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‘Rise of the Tomb Raider’ Was Inspired by 'Terminator,’ 'Rambo’ and a Russian Painter

‘Rise of the Tomb Raider’ Was Inspired by 'Terminator,’ 'Rambo’ and a Russian Painter:

Everything in pop culture builds off what came before, but sometimes it’s not so obvious exactly what inspired your favorite video games. Luckily game recognize game, and Source Code is where Playboy explores the eclectic influences of video game developers.


With a charismatic adventurer looking for ancient artifacts but finding danger and the mystical instead, it’s clear why the Tomb Raider games have been compared to the Indiana Jones movies since Lara Croft made her first chasm leap in 1996.

But in talking to Crystal Dynamic’s Noah Hughes, the Creative Director on the new Rise of the Tomb Raider (which is out now on Xbox One and Xbox 360, and coming next year to PS4 and PC), he revealed that Raiders of the Lost Ark and Indy’s other big pics aren’t the only movies that inspired Lara’s latest field trip.

Here’s where the developres of Rise of the Tomb Raider turned for inspiration.


1 TERMINATOR 2 JUDGMENT DAY

7. ‘TERMINATOR 2: JUDGMENT DAY’
Having failed to kill Sarah Connor in the first film, Skynet sends a second, more advanced Terminator back to 1995 to kill John Connor. To stop it, future John sends his own Terminator back to both protect himself and to rescue Sarah from the mental hospital she’s been in since she told people doomsday was coming and that a killing machine from the future was out to get her.

How it inspired Rise of the Tomb Raider: “From Judgment Day, we took a lot of the inspiration from where Sarah Connor was at as a character,” Hughes explains. “In that movie, Sarah had seen the future, but no one believes her, so she’s an outsider in her own world, and needs to muster the conviction to stand up to the accusations of being crazy. We tried to apply that burden of destiny to Lara.”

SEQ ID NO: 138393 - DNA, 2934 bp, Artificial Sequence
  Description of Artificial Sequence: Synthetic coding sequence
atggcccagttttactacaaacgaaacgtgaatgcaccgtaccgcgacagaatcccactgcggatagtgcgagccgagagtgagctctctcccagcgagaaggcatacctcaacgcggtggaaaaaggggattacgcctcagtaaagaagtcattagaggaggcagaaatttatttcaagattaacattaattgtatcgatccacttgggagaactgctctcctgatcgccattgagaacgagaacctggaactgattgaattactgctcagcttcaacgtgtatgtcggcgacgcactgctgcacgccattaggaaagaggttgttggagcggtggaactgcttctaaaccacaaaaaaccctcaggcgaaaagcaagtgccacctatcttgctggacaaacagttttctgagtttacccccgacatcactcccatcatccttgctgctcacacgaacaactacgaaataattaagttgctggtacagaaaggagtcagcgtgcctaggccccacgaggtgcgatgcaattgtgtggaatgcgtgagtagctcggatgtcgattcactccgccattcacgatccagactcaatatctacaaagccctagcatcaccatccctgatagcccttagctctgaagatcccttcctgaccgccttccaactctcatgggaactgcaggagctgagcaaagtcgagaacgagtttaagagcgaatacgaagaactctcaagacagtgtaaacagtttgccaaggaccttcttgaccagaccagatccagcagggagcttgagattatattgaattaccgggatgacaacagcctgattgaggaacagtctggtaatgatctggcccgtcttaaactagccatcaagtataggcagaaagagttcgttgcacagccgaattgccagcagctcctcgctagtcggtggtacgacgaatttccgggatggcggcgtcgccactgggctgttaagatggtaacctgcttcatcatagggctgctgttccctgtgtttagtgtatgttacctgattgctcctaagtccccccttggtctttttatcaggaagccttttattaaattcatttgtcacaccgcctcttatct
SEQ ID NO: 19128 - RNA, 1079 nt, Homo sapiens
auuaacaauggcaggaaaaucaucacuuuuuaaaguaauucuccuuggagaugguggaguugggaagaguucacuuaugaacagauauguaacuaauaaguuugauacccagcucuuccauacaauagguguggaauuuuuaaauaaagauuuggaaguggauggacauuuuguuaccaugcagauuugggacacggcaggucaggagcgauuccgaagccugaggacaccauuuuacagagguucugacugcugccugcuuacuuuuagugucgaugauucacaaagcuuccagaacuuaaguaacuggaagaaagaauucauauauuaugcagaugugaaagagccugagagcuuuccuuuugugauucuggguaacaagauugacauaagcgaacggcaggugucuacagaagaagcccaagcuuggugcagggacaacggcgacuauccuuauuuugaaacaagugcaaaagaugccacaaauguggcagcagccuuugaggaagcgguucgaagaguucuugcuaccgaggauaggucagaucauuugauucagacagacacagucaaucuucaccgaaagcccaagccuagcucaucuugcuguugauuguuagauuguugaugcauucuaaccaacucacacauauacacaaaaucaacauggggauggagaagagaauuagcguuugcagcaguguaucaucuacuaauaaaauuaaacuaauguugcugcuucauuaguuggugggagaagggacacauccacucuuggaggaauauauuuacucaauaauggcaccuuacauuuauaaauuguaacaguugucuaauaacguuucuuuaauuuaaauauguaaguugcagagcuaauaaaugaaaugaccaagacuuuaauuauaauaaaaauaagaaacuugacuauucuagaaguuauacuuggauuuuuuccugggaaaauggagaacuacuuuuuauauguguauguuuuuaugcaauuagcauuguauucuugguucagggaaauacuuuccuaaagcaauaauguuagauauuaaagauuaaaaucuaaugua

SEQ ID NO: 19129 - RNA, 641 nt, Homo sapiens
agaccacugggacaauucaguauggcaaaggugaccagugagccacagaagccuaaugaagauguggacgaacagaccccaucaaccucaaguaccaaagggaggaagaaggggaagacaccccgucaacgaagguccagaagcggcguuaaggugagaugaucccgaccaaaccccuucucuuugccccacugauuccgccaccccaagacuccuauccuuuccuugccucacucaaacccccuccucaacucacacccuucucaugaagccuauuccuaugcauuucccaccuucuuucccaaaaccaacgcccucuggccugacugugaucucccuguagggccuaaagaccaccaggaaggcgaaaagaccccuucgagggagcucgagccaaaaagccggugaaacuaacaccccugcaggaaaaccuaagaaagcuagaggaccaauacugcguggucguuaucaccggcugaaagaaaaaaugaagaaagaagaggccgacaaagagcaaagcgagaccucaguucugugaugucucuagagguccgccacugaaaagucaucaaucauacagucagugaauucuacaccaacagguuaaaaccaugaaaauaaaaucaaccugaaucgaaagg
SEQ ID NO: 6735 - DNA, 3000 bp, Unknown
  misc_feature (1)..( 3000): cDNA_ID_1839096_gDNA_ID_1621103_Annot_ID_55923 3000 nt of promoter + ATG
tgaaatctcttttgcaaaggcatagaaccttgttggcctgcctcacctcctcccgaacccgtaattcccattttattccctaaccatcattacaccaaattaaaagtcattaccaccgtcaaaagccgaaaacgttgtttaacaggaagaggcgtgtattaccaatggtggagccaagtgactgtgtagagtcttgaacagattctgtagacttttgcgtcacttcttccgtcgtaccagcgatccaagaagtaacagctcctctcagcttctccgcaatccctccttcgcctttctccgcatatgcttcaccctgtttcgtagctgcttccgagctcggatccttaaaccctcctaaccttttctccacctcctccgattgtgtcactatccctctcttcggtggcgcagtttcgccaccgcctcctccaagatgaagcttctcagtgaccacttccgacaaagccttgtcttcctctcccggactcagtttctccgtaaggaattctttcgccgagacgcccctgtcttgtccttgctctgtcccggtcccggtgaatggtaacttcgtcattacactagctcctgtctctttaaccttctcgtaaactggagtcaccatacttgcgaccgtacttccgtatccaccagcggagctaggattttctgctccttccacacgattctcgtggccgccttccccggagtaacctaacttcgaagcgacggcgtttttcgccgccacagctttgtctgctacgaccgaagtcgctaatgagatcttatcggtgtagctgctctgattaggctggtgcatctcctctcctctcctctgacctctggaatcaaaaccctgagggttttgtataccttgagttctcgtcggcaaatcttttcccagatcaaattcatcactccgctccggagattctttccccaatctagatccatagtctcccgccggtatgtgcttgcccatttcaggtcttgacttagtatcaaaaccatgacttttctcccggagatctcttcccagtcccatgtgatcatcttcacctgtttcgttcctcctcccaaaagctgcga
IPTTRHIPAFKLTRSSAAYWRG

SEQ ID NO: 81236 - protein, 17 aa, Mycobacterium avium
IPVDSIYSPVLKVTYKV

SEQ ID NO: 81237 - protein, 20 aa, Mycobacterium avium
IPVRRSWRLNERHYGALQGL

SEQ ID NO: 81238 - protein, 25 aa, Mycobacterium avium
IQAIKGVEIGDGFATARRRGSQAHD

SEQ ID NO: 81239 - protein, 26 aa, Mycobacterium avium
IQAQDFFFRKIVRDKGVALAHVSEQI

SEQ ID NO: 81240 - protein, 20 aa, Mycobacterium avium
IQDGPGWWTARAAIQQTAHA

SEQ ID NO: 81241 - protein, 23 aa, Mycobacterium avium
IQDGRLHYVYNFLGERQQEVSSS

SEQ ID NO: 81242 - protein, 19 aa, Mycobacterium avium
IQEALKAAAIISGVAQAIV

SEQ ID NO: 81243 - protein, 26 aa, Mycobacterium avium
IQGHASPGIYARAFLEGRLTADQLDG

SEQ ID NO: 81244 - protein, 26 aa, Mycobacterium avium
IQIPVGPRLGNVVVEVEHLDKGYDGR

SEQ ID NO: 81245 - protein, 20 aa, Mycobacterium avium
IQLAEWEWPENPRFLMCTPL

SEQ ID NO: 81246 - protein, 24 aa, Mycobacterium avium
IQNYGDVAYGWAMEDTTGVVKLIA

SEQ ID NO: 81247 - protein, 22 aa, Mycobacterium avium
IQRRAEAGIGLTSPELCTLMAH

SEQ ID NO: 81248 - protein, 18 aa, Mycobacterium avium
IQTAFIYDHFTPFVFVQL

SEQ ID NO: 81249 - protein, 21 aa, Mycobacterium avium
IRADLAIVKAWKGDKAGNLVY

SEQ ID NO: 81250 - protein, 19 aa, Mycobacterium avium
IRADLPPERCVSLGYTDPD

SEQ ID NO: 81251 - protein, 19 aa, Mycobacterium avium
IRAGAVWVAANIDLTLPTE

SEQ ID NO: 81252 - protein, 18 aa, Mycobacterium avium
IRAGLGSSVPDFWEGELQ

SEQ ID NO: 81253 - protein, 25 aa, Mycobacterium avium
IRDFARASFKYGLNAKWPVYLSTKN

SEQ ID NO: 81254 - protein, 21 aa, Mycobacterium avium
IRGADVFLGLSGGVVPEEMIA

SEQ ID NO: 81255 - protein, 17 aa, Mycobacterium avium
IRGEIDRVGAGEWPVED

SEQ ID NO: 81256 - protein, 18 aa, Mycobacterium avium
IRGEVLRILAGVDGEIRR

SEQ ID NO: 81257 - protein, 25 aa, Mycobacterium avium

2 THE DAY AFTER TOMORROW

6. 'THE DAY AFTER TOMORROW’
Directed by Roland Emmerich, who previously blew stuff up in Independence Day, this disaster movie has paleoclimatologist Dennis Quaid trying to rescue his son, Jake Gyllenhall, when the Earth’s ecosystem revolts and plunges the planet into a new ice age.

How it inspired Rise of the Tomb Raider: “A lot of that movie’s influence on our game is the extreme conditions that we thrust Lara into,” Hughes says. “Not just in how the scenes of a frozen wasteland informed the overall look of Siberia, but also what it’s like to confront those elements and keep going in the face of these environmental threats.”


3 RAMBO FIRST BLOOD PART II

5. 'RAMBO: FIRST BLOOD PART II’
While in jail for the crimes he committed in the first movie, John Rambo is asked by his former commander to go back into Vietnam to see if there are any American P.O.W.s still being held, which of course leads to all kinds of gunfire and mayhem.

How it inspired Rise of the Tomb Raider: “In Rambo, you see him being resourceful and using the environment during combat,” Hughes notes. “And while, in the previous game, Lara really showcased her survival instincts, in this one, we wanted her to take them into combat, and have her be more confident and resourceful the same way Rambo was, especially in the early movies.”